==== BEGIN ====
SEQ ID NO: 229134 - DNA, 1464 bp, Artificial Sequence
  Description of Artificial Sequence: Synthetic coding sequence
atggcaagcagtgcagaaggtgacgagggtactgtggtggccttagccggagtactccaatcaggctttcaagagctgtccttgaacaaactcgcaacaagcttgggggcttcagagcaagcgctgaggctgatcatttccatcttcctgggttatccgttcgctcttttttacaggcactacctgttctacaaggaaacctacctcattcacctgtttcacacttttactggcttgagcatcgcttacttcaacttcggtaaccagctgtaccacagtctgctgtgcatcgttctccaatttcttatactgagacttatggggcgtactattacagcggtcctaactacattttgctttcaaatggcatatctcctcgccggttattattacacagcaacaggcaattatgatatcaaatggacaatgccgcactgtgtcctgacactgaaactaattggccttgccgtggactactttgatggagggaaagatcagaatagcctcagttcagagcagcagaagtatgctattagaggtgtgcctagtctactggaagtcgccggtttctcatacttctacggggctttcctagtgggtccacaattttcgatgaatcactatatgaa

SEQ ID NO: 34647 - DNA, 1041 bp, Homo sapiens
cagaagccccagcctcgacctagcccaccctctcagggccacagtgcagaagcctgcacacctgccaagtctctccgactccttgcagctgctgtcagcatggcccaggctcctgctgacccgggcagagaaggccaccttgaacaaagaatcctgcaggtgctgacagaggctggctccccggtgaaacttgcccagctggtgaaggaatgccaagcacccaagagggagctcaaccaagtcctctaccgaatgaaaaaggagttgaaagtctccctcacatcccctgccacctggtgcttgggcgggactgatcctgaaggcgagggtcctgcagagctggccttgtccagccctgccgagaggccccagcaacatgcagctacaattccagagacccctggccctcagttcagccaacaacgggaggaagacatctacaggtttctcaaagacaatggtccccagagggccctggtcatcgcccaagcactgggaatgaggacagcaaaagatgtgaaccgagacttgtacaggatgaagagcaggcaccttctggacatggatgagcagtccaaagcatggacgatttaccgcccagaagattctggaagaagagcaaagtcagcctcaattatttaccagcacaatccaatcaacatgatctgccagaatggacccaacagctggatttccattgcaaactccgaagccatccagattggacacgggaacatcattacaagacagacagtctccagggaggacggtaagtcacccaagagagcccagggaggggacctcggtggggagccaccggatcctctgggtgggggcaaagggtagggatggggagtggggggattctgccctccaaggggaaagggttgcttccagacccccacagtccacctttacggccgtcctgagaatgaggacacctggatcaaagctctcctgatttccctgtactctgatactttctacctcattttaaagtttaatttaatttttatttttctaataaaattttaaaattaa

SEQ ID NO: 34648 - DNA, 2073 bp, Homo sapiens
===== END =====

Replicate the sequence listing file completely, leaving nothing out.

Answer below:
SEQ ID NO: 229134 - DNA, 1464 bp, Artificial Sequence
  Description of Artificial Sequence: Synthetic coding sequence
atggcaagcagtgcagaaggtgacgagggtactgtggtggccttagccggagtactccaatcaggctttcaagagctgtccttgaacaaactcgcaacaagcttgggggcttcagagcaagcgctgaggctgatcatttccatcttcctgggttatccgttcgctcttttttacaggcactacctgttctacaaggaaacctacctcattcacctgtttcacacttttactggcttgagcatcgcttacttcaacttcggtaaccagctgtaccacagtctgctgtgcatcgttctccaatttcttatactgagacttatggggcgtactattacagcggtcctaactacattttgctttcaaatggcatatctcctcgccggttattattacacagcaacaggcaattatgatatcaaatggacaatgccgcactgtgtcctgacactgaaactaattggccttgccgtggactactttgatggagggaaagatcagaatagcctcagttcagagcagcagaagtatgctattagaggtgtgcctagtctactggaagtcgccggtttctcatacttctacggggctttcctagtgggtccacaattttcgatgaatcactatatgaa

SEQ ID NO: 34647 - DNA, 1041 bp, Homo sapiens
cagaagccccagcctcgacctagcccaccctctcagggccacagtgcagaagcctgcacacctgccaagtctctccgactccttgcagctgctgtcagcatggcccaggctcctgctgacccgggcagagaaggccaccttgaacaaagaatcctgcaggtgctgacagaggctggctccccggtgaaacttgcccagctggtgaaggaatgccaagcacccaagagggagctcaaccaagtcctctaccgaatgaaaaaggagttgaaagtctccctcacatcccctgccacctggtgcttgggcgggactgatcctgaaggcgagggtcctgcagagctggccttgtccagccctgccgagaggccccagcaacatgcagctacaattccagagacccctggccctcagttcagccaacaacgggaggaagacatctacaggtttctcaaagacaatggtccccagagggccctggtcatcgcccaagcactgggaatgaggacagcaaaagatgtgaaccgagacttgtacaggatgaagagcaggcaccttctggacatggatgagcagtccaaagcatggacgatttaccgcccagaagattctggaagaagagcaaagtcagcctcaattatttaccagcacaatccaatcaacatgatctgccagaatggacccaacagctggatttccattgcaaactccgaagccatccagattggacacgggaacatcattacaagacagacagtctccagggaggacggtaagtcacccaagagagcccagggaggggacctcggtggggagccaccggatcctctgggtgggggcaaagggtagggatggggagtggggggattctgccctccaaggggaaagggttgcttccagacccccacagtccacctttacggccgtcctgagaatgaggacacctggatcaaagctctcctgatttccctgtactctgatactttctacctcattttaaagtttaatttaatttttatttttctaataaaattttaaaattaa

SEQ ID NO: 34648 - DNA, 2073 bp, Homo sapiens